Version 22-03-8

Vortrag: Rhoticity in Singapore English

The variable realisation of coda /r/ has been accounted for by the traditional phonological distinction of English varieties into rhotic and non-rhotic types (Wells 1982:218–220), and has been a hallmark area of study in sociolinguistic research (e.g. Labov 1966; Nagy and Irwin 2010; Blaxter et al. 2019). Over the last three decades, this phenomenon has been described in notable studies on Singapore English (Tan and Gupta 1992; Poedjosoedarmo 2000; Tan 2012).
This study investigates the rhoticity patterns in Singapore English as spoken by speakers from the largest ethnic group, and examines how both language-internal and language-external variables condition /r/ realisation in Singapore English. Recent speech data, obtained between 2019 and 2020, from two corpora form the objects of study for the talk. Methodological methods used in this study include quantitative and, to a smaller extent, qualitative techniques. With the use of statistical computing software, i.e. R (R Core Team), a series of regression models and analyses inform the /r/ patterns of this group of SgE speakers. Statistical modelling, outcomes and both quantitative and qualitative findings will be discussed during the presentation.

Blaxter, Tam, Kate Beeching, Richard Coates, James Murphy, and Emily Robinson. 2019. Each p[ɚ]son does it th[εː] way: Rhoticity variation and the community grammar. Language Variation and Change, 31(1), 91–117.
Computing. Vienna, Austria. (accessed 18 May 2021).
Labov, William. 1966. The effect of social mobility on linguistic behaviour. Sociological Inquiry, 36(2), 186–203.
Nagy, Naomi and Patricia Irwin. 2010. Boston (r): Neighbo(r)s nea(r) and fa(r). Language Variation and Change, 22(2), 241–278.
Poedjosoedarmo, Gloria. 2000a. A description of the English pronunciation of young educated Singaporeans: A study in multidimensional variation. In Adam Brown, David Deterding and Low Ee Ling, eds. The English language in Singapore: Research on pronunciation, 65–75. Singapore Association for Applied Linguistics.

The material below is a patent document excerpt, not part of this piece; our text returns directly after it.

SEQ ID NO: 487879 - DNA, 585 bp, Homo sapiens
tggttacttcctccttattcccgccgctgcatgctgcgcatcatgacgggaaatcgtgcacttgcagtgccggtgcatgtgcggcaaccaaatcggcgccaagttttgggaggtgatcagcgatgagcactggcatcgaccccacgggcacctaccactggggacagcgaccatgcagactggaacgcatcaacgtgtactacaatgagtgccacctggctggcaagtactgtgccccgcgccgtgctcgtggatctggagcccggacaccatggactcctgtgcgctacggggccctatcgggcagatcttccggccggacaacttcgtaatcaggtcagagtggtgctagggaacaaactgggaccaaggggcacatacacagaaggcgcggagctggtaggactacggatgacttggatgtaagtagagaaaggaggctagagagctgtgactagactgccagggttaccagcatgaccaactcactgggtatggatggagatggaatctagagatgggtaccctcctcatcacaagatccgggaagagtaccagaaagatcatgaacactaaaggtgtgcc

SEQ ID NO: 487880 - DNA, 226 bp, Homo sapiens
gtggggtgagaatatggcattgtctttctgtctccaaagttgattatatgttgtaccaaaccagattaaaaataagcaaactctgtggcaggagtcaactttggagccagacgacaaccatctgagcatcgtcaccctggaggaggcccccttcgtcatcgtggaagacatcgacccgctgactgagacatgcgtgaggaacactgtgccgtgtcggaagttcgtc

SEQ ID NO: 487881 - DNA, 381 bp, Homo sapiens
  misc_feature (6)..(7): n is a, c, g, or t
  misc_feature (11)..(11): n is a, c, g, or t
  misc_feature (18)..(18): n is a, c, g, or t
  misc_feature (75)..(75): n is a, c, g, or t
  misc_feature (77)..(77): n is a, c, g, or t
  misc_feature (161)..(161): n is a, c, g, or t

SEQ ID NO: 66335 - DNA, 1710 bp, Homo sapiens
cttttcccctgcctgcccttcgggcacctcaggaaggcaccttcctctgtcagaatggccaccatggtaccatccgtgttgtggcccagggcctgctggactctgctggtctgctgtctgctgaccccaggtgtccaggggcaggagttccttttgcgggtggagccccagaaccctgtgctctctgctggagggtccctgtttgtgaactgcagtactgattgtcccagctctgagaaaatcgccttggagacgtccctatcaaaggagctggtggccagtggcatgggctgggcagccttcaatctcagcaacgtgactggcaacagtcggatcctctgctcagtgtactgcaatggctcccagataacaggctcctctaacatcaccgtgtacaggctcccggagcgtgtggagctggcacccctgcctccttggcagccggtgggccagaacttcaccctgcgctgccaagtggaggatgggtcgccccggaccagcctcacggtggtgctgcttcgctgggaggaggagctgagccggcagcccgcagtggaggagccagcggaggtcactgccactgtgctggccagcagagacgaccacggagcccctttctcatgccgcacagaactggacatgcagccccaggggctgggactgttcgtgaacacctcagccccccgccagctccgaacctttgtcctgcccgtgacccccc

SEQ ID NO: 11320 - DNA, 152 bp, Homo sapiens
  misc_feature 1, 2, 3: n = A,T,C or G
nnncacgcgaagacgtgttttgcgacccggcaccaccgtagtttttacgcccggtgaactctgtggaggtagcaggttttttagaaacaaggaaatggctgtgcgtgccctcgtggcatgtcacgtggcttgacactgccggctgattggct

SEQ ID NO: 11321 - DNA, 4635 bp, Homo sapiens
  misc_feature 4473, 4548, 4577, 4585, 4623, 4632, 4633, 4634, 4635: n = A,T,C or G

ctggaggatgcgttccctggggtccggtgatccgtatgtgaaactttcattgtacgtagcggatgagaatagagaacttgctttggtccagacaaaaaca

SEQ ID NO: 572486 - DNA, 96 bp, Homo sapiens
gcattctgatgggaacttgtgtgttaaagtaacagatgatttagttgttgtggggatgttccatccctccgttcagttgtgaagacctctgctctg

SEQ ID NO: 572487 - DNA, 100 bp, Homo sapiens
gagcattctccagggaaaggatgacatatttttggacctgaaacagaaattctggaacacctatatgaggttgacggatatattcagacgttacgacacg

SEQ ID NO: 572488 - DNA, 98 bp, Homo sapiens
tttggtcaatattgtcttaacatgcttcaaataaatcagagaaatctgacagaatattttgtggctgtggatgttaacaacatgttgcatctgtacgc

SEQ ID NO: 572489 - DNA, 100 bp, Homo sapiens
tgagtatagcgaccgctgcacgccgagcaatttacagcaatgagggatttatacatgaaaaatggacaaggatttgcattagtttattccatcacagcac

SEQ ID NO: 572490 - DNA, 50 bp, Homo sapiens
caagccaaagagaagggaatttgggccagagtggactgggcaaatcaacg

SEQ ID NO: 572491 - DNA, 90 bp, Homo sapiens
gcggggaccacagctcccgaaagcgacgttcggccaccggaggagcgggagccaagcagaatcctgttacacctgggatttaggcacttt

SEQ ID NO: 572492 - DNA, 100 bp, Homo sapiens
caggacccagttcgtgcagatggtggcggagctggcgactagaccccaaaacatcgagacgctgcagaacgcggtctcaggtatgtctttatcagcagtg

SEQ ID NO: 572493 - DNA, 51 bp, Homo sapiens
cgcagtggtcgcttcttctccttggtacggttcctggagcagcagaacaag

R Core Team. 2021. R: A Language and Environment for Statistical Computing. R Foundation for Statistical
Tan, Chor Hiang and Anthea Fraser Gupta. 1992. Post-vocalic /r/ in Singapore English. York Papers in Linguistics 16. 139–152.
Tan, Ying Ying. 2012. To r or not to r: Social correlates of /ɹ/ in Singapore English. International Journal of the Sociology of Language, 2012 (218), 1–24.
Wells, John Corson. 1982. Accents of English: Volume 1. Cambridge University Press.

In expanding the scope of the study that was already carried out, this doctoral dissertation will investigate the rhoticity phenomenon in Singapore English as spoken by Singaporean media personalities from the three major ethnic groups, and examine how both language-internal and language-external variables condition /r/ realisation in Singapore English. This study will also uncover the motivational forces behind the patterns governing /r/ realisation, in particular how globalisation affects language use. These outcomes will be interpreted and contextualised within the larger framework of World Englishes, the wider context of rhotacisation in English varieties around the world, and large-scale social issues like globalisation and effects of mass media.


Tag: 25.03.2022
Anfangszeit: 14:25
Dauer: 00:30
Raum: Dowschenko
Track: Soziolinguistik
Sprache: en



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